During my second year of film school, my favourite teacher introduced us to a famous camera angle called ‘the Dutch tilt’. The shot, in which the camera is tilted on its x-axis, evokes a sense of unease, impending doom or downright madness, and was introduced by German Expressionist directors such as Fritz Lang. It became popular in Hollywood with filmmakers like Orson Welles and Alfred Hitchcock.
Predictably, given we were all a bunch of pretentious film students, we proceeded to overuse this particular angle in every one of our projects. This embarrassing practice aside, learning of the Dutch tilt and the way filmmakers use camera angles to add extra layers to a story, ignited a deep fascination in my nerdy little soul and, to this day, shot psychology is something I pay extra attention to when watching films and TV shows.
A great example of the way camera angles and techniques capture your subconscious while you consciously engage with the plot, costumes and dialogue can be found in HBO’s hit series Succession.
Watch carefully and you’ll notice the camera is constantly moving a little — wobbling, zooming, focusing and re-focusing, all hallmarks of the famous handheld technique — in order to create a sense of instability that further supports what you already know about the Roy family — that they are not to be trusted.
The camera also typically pans between the points of action in a scene which not only allows the actors the freedom of movement but gives the viewer a true feeling of being a fly-on-the-wall.
Here are some other examples of shot psychology to look out for the next time you sit down to watch a movie or binge a TV series.
Low Camera Angles
In some instances, a filmmaker may wish to convey that a particular character is extremely powerful or imposing, even if their dialogue doesn’t specify this.
By shooting someone from underneath, or from a low angle, viewers are able to feel the character’s position and better understand their place in the world the filmmaker has created.
This is one way in which the camera angles and techniques can fill in the gaps in dialogue and start to better build out the story. Wes Anderson, Orson Welles, and Spike Jonze are all fans of this technique.
High Camera Angles
You’ve likely already discerned that while low camera angles that look up to the subject make them appear superior and intimidating, high camera angles that point down at the subject create the opposite effect.
These shots can be used to make characters seem weak and vulnerable and give viewers the sense that an upward battle may be about to ensue for said character.
Extreme Long Shots
If you recall the opening scene of Wolf Creek, the camera sweeps over the vast expanse that is the Australian outback, allowing viewers to get a sense of its size and remoteness.
A shot like this serves the purpose of not only giving the audience a sense of place but also leaves no doubt in their minds that the victims in the film are certainly doomed, as there is not another living soul for miles.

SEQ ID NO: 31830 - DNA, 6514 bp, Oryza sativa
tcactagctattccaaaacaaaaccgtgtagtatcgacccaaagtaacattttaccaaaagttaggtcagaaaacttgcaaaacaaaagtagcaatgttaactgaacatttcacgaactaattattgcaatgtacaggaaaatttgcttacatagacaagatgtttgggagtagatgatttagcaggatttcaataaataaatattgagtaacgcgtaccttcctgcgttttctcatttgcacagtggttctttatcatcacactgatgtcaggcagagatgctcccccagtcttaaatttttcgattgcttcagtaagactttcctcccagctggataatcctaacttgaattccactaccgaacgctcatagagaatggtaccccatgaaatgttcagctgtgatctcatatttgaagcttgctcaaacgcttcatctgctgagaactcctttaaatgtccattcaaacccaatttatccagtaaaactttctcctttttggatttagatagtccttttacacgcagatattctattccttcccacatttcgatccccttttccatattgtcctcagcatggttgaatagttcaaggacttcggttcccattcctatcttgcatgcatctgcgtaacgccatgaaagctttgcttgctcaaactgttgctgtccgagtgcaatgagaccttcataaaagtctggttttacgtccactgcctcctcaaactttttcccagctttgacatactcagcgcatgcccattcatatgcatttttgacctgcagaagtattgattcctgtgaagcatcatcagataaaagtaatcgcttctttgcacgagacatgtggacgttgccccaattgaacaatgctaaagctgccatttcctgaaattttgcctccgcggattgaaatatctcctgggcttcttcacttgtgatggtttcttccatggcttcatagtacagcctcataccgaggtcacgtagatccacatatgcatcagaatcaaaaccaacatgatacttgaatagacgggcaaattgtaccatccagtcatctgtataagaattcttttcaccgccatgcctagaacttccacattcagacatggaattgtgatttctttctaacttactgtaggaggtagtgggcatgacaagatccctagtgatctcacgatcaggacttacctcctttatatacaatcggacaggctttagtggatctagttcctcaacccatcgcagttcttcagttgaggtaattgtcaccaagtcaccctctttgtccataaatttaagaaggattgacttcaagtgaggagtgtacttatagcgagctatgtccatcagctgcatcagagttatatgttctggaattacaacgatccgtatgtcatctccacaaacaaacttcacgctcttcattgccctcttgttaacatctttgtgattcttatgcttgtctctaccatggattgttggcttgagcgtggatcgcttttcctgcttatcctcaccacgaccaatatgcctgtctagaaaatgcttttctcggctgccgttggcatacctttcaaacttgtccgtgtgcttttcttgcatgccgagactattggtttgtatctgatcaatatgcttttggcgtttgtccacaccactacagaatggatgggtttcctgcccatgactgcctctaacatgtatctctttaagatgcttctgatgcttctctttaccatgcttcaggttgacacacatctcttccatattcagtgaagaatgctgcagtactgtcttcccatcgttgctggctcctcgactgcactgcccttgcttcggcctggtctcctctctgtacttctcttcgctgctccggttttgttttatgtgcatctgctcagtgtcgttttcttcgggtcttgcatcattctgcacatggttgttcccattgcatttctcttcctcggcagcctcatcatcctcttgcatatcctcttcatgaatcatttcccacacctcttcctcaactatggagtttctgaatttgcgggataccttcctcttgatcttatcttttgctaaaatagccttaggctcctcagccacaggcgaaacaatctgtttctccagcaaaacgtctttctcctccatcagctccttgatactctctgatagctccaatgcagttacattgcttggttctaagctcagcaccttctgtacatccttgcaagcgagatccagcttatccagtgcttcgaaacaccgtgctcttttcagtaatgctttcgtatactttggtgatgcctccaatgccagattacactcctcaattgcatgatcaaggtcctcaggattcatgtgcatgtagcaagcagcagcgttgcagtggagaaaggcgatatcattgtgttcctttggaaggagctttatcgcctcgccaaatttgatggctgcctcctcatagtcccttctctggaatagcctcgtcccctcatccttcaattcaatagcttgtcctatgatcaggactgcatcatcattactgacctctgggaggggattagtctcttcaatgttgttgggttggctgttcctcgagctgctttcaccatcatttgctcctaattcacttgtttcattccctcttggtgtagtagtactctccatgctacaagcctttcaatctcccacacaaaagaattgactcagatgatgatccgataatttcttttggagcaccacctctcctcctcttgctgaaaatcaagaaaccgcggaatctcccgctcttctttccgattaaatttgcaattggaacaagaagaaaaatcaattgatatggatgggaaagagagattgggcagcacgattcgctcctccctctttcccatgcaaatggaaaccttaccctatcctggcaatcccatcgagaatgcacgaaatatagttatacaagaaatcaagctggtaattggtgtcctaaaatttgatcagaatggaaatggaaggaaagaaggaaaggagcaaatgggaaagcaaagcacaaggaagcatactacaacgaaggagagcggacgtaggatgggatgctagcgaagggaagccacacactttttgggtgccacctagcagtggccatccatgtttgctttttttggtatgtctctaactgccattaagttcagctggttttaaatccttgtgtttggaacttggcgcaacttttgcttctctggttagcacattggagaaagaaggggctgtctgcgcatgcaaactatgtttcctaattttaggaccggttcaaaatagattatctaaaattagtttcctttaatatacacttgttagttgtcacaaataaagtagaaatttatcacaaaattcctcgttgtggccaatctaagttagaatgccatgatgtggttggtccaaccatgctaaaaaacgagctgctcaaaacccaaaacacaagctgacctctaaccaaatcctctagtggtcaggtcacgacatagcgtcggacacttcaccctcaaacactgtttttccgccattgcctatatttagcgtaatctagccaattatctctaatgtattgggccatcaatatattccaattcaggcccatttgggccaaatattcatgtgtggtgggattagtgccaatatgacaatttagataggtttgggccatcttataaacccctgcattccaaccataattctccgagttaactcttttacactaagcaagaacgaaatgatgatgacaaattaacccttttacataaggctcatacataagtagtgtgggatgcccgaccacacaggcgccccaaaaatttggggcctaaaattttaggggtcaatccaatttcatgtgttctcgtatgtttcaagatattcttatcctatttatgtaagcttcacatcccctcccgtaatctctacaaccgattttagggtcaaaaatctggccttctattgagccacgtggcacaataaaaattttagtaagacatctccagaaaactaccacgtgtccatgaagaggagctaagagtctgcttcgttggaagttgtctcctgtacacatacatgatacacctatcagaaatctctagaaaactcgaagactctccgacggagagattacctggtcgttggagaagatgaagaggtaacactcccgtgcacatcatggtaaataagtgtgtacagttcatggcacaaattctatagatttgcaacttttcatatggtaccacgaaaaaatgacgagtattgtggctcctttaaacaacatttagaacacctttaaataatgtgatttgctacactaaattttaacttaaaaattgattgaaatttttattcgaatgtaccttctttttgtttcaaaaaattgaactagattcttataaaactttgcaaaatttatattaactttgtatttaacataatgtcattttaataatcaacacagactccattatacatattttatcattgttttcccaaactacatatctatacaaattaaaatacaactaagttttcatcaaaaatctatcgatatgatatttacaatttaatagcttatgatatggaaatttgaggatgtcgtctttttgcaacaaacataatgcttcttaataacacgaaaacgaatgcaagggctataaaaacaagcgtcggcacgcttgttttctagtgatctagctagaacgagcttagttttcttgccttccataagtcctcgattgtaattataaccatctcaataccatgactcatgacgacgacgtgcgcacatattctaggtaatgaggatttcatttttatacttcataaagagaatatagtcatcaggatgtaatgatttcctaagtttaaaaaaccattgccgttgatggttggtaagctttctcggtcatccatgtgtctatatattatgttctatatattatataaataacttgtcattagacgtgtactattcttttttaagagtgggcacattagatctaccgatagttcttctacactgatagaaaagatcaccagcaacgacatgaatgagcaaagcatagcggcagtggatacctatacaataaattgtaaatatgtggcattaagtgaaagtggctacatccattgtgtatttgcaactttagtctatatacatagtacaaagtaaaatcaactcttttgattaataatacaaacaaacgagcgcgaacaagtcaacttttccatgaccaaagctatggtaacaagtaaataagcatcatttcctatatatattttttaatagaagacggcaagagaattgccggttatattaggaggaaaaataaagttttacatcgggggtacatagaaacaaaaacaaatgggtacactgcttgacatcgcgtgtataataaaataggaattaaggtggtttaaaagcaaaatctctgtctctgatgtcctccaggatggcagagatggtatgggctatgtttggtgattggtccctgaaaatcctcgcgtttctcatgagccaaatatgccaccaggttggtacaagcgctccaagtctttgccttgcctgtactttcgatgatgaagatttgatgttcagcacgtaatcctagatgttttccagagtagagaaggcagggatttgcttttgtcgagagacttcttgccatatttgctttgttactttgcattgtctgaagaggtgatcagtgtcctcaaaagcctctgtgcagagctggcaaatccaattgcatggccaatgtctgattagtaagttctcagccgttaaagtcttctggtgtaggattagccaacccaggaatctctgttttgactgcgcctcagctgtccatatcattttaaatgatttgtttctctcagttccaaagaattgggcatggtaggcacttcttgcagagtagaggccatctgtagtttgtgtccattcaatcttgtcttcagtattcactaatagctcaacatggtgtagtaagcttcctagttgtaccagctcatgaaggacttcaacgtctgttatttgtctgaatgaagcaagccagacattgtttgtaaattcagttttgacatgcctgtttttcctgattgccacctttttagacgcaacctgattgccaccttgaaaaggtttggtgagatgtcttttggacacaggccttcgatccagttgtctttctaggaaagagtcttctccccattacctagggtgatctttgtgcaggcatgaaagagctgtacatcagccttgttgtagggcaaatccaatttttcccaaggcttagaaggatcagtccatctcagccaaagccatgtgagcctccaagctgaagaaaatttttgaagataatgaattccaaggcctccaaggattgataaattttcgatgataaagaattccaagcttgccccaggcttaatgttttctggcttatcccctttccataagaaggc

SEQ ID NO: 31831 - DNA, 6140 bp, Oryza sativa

In a film like Nomadland, the stunning long shots invoke a feeling of awe within viewers while also reminding us how small and, in some ways, insignificant we are.
When used properly, zooming in or out on a subject can elicit a number of reactions from the viewer.
A very slow, methodical zoom into a person as they are delivering a monologue can have the effect of allowing the viewer to feel as though they are slowly peeling back the layers of the character and getting to know them better while adding to the character’s vulnerability.
If this same move is performed, but is deliberately a little shaky (such as with the handheld method), it can create a sense of unease about the understanding we are gaining about the character. Yes, they may be bearing their soul to us, but what they are bearing about themselves could be difficult to stomach. This technique can also be used to suggest that the character’s emotional state is on shaky ground.
Conversely, slowly zooming out from a character can evoke a sense of loss and give viewers the sense that the character is isolated or lonely.
A quick zoom can also be used to symbolise a sudden change in mood and give the viewer a jolt or it can be used to quickly capture a comedic reaction, like we often saw in Parks and Recreation.
Pans and Tilts
Probably the most common camera movements used in films and tv shows, the pan and tilt are revelatory shots and are used to slowly introduce new information to a viewer, build suspense and keep us wondering what will happen next.
The speed at which these movements are performed is also important as it adds more complexity or meaning to the shot.
For example, if the camera slowly tilts up from someone’s face and up toward the sky, we might feel a big sense of relief and that the possibilities are endless for this particular person.
A whip-pan, however, can startle, or even scare us, like in horror movies when a predator is very suddenly revealed in frame.
Of course, these are just a few examples of different camera angles and the effects they can have on the viewer’s psyche, but the beauty of filmmaking is that there are no rules and directors and cinematographers can experiment with how these shots are used.
So, the next time you are enjoying a great film or series, consider what makes it so great and why you are so invested. Sure, the acting, scriptwriting and set design might be incredible, but I guarantee you it also has something to do with the careful attention that has been paid to each and every shot that has you unable to peel yourself away.